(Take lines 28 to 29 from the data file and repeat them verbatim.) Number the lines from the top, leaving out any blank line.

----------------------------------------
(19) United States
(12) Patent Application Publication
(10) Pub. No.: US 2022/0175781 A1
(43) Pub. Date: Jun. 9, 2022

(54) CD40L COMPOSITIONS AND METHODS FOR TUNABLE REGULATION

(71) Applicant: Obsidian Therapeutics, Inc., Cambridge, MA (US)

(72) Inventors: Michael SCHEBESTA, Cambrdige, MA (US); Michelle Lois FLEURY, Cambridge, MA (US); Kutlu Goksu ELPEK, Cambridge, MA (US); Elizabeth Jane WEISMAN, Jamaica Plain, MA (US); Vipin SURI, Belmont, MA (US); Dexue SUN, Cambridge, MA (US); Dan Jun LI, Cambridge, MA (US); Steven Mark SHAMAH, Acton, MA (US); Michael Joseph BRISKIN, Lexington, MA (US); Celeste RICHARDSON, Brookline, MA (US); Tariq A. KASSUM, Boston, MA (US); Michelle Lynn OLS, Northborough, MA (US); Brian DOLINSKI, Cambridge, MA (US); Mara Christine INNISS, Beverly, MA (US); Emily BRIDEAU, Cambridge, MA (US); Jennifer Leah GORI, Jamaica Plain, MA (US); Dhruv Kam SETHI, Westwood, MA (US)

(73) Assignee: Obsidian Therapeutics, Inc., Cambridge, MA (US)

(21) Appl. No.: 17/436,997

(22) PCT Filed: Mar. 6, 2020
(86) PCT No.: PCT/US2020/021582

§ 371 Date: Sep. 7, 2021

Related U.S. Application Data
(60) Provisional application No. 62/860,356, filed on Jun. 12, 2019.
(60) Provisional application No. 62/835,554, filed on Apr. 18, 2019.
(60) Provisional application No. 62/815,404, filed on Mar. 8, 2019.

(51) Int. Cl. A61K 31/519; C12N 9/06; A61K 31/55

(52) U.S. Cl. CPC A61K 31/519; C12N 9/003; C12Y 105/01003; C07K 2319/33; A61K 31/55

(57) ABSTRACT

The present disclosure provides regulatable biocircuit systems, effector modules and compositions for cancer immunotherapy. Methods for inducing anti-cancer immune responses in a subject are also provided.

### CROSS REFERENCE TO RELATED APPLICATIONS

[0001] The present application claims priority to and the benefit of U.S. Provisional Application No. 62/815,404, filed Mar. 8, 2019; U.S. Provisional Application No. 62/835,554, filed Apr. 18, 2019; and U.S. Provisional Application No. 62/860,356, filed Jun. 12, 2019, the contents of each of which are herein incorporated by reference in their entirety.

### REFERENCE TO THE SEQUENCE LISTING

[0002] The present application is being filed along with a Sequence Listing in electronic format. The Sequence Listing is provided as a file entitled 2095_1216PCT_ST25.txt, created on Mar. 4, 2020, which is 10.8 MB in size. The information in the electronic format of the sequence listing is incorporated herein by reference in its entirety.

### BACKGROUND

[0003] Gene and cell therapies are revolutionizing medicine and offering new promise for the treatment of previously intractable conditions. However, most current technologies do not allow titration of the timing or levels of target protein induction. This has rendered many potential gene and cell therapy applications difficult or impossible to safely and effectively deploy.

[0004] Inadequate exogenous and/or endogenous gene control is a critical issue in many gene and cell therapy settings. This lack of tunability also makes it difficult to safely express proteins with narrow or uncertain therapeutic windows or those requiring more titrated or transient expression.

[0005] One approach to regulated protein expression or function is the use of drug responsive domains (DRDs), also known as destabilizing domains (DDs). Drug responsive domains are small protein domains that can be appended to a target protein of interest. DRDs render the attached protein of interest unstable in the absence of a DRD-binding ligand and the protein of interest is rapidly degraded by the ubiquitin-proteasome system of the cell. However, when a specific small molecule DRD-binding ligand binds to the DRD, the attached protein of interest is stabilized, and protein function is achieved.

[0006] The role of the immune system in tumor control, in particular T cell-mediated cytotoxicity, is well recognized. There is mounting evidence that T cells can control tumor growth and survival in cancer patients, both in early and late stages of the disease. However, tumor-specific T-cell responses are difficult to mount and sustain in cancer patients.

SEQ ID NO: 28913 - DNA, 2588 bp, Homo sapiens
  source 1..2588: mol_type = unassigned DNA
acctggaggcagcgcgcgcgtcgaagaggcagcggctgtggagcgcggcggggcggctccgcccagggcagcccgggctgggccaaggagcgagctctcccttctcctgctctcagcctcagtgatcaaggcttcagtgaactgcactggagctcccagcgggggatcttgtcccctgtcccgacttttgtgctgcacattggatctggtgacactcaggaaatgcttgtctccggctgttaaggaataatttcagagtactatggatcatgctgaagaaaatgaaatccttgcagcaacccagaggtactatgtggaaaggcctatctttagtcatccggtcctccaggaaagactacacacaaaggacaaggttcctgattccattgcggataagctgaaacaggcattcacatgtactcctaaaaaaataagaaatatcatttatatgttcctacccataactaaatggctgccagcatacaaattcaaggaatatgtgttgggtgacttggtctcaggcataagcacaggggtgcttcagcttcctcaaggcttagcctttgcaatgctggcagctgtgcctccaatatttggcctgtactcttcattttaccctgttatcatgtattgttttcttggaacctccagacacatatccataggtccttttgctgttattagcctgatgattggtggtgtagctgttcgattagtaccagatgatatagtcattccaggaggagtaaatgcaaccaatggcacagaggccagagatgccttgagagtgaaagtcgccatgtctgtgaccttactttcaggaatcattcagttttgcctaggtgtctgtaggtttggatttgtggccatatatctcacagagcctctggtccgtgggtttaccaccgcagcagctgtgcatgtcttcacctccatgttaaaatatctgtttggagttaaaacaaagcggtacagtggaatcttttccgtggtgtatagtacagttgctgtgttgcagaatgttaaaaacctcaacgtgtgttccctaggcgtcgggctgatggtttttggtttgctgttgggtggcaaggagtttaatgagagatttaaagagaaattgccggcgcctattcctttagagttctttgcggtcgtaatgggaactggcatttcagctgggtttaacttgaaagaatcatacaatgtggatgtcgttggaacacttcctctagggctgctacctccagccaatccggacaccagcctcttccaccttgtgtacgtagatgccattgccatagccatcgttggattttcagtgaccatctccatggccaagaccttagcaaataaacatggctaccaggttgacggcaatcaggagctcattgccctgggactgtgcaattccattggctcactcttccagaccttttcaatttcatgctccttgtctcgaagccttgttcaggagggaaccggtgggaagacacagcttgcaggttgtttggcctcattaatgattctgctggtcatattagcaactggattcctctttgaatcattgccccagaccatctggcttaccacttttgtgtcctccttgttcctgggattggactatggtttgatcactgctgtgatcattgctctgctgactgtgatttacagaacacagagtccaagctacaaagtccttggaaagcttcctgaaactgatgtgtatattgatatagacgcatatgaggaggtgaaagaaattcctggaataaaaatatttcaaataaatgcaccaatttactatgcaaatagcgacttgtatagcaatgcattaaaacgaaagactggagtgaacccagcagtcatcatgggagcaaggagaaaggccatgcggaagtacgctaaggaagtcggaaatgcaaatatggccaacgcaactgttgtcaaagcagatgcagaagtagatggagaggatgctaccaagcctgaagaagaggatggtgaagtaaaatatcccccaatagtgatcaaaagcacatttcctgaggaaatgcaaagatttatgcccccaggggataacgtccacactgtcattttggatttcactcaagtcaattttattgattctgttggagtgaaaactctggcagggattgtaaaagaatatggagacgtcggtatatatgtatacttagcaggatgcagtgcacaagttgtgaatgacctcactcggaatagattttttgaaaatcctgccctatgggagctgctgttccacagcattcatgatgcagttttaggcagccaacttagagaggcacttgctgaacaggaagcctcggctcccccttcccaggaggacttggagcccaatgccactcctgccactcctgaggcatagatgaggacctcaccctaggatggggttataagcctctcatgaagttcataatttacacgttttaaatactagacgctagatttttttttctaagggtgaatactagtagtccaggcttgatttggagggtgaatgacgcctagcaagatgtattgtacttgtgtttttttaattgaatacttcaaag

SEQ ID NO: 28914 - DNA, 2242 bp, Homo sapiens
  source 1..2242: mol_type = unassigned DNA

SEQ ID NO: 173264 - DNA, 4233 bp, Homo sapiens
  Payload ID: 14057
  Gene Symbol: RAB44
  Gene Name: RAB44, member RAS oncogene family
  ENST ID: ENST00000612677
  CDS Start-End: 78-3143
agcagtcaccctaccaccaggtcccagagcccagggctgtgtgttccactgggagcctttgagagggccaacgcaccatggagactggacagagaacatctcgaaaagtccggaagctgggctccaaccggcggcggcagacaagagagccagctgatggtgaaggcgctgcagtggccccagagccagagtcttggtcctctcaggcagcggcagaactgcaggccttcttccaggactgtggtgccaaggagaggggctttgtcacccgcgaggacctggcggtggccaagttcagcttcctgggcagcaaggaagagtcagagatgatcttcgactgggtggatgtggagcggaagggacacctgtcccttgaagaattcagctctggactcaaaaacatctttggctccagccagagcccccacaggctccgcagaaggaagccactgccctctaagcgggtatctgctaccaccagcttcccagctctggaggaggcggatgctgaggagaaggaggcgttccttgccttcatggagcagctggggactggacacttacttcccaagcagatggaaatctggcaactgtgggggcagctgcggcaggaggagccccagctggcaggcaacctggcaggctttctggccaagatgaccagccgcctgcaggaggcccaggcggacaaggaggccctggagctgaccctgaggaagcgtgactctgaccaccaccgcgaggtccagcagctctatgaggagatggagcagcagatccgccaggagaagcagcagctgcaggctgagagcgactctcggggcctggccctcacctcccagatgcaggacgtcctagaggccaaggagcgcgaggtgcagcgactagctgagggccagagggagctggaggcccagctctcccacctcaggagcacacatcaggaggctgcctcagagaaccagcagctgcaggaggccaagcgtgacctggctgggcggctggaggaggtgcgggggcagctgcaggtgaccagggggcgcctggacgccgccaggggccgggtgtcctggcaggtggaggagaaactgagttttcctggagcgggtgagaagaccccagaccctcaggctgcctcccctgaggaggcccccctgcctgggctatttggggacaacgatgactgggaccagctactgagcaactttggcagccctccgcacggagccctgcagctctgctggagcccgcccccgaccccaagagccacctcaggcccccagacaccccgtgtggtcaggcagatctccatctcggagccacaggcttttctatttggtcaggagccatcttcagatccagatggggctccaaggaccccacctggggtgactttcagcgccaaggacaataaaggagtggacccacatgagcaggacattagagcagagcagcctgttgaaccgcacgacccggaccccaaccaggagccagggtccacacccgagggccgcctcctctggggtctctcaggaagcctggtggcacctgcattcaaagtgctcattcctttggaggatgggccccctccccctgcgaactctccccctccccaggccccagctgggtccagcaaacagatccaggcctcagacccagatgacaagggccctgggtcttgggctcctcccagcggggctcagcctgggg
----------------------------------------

[0005] One approach to regulated protein expression or function is the use of drug responsive domains (DRDs), also known as destabilizing domains (DDs). Drug responsive domains are small protein domains that can be appended to a target protein of interest. DRDs render the attached protein of interest unstable in the absence of a DRD-binding ligand and the protein of interest is rapidly degraded by the ubiquitin-proteasome system of the cell. However, when a specific small molecule DRD-binding ligand binds to the DRD, the attached protein of interest is stabilized, and protein function is achieved.

[0006] The role of the immune system in tumor control, in particular T cell-mediated cytotoxicity, is well recognized. There is mounting evidence that T cells can control tumor growth and survival in cancer patients, both in early and late stages of the disease. However, tumor-specific T-cell responses are difficult to mount and sustain in cancer patients.